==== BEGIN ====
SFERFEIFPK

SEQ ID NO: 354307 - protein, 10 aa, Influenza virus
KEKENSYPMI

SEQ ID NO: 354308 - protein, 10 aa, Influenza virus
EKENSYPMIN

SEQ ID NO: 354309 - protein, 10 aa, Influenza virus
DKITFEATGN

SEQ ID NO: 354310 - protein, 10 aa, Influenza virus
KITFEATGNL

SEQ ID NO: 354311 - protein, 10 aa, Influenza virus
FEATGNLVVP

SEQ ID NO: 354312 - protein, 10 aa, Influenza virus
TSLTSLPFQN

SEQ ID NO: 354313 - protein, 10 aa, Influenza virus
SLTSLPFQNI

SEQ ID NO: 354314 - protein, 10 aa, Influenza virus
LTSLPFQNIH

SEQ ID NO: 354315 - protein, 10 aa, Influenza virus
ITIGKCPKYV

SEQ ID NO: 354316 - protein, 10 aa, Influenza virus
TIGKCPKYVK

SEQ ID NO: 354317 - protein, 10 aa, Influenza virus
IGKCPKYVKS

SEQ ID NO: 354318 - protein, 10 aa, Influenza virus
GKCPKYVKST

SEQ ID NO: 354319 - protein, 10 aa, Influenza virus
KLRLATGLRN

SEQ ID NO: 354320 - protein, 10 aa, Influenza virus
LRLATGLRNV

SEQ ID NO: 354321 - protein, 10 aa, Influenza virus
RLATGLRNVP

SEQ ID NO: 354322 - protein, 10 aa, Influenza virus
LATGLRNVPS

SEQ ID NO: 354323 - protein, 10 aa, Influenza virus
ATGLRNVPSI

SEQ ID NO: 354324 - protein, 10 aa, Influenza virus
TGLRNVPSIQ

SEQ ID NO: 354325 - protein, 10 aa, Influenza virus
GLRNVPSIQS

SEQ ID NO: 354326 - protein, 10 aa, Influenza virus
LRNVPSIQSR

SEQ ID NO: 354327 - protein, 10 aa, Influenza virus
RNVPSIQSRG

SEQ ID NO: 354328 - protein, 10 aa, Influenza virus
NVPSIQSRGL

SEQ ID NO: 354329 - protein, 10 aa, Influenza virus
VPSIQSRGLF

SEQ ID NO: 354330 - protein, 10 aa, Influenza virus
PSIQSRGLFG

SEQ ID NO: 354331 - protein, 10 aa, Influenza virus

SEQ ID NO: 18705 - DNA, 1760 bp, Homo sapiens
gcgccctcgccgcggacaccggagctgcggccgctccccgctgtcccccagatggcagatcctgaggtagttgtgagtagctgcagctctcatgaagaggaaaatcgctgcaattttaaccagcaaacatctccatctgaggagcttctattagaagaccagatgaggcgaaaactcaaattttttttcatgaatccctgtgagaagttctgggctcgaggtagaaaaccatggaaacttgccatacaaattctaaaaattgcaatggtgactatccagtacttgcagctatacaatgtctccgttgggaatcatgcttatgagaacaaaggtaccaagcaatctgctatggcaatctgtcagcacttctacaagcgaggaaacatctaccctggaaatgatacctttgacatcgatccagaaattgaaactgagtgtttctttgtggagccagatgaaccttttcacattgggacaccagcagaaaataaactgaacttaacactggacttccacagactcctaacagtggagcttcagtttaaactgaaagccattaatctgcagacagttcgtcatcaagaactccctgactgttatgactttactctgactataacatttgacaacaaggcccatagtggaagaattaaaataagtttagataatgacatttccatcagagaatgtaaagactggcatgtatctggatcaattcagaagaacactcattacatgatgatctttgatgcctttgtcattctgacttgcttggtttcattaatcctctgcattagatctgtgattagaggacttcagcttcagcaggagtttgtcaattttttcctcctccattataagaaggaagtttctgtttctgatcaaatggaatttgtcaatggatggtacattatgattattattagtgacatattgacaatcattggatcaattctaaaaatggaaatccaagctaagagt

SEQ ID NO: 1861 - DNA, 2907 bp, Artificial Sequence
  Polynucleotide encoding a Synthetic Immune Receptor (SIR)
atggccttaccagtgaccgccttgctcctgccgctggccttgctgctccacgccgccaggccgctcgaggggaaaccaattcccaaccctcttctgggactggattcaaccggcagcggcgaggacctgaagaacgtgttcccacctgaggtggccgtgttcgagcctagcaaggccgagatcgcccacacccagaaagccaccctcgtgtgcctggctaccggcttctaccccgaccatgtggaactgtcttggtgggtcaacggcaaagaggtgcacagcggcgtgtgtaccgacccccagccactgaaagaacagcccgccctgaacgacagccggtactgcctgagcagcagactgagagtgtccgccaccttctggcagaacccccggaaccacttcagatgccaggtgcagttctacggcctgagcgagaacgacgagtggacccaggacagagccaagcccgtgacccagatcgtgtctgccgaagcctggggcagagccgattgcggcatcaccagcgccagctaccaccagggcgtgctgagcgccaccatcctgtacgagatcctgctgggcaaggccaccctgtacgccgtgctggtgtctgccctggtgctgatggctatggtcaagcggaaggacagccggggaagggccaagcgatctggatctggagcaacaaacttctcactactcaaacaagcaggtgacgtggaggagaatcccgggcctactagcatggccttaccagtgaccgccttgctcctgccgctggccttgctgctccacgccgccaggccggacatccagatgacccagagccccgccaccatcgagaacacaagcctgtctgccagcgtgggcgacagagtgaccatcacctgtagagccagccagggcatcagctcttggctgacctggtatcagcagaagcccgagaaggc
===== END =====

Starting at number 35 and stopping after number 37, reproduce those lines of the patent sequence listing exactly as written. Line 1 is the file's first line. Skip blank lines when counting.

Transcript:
ATGLRNVPSI

SEQ ID NO: 354324 - protein, 10 aa, Influenza virus
TGLRNVPSIQ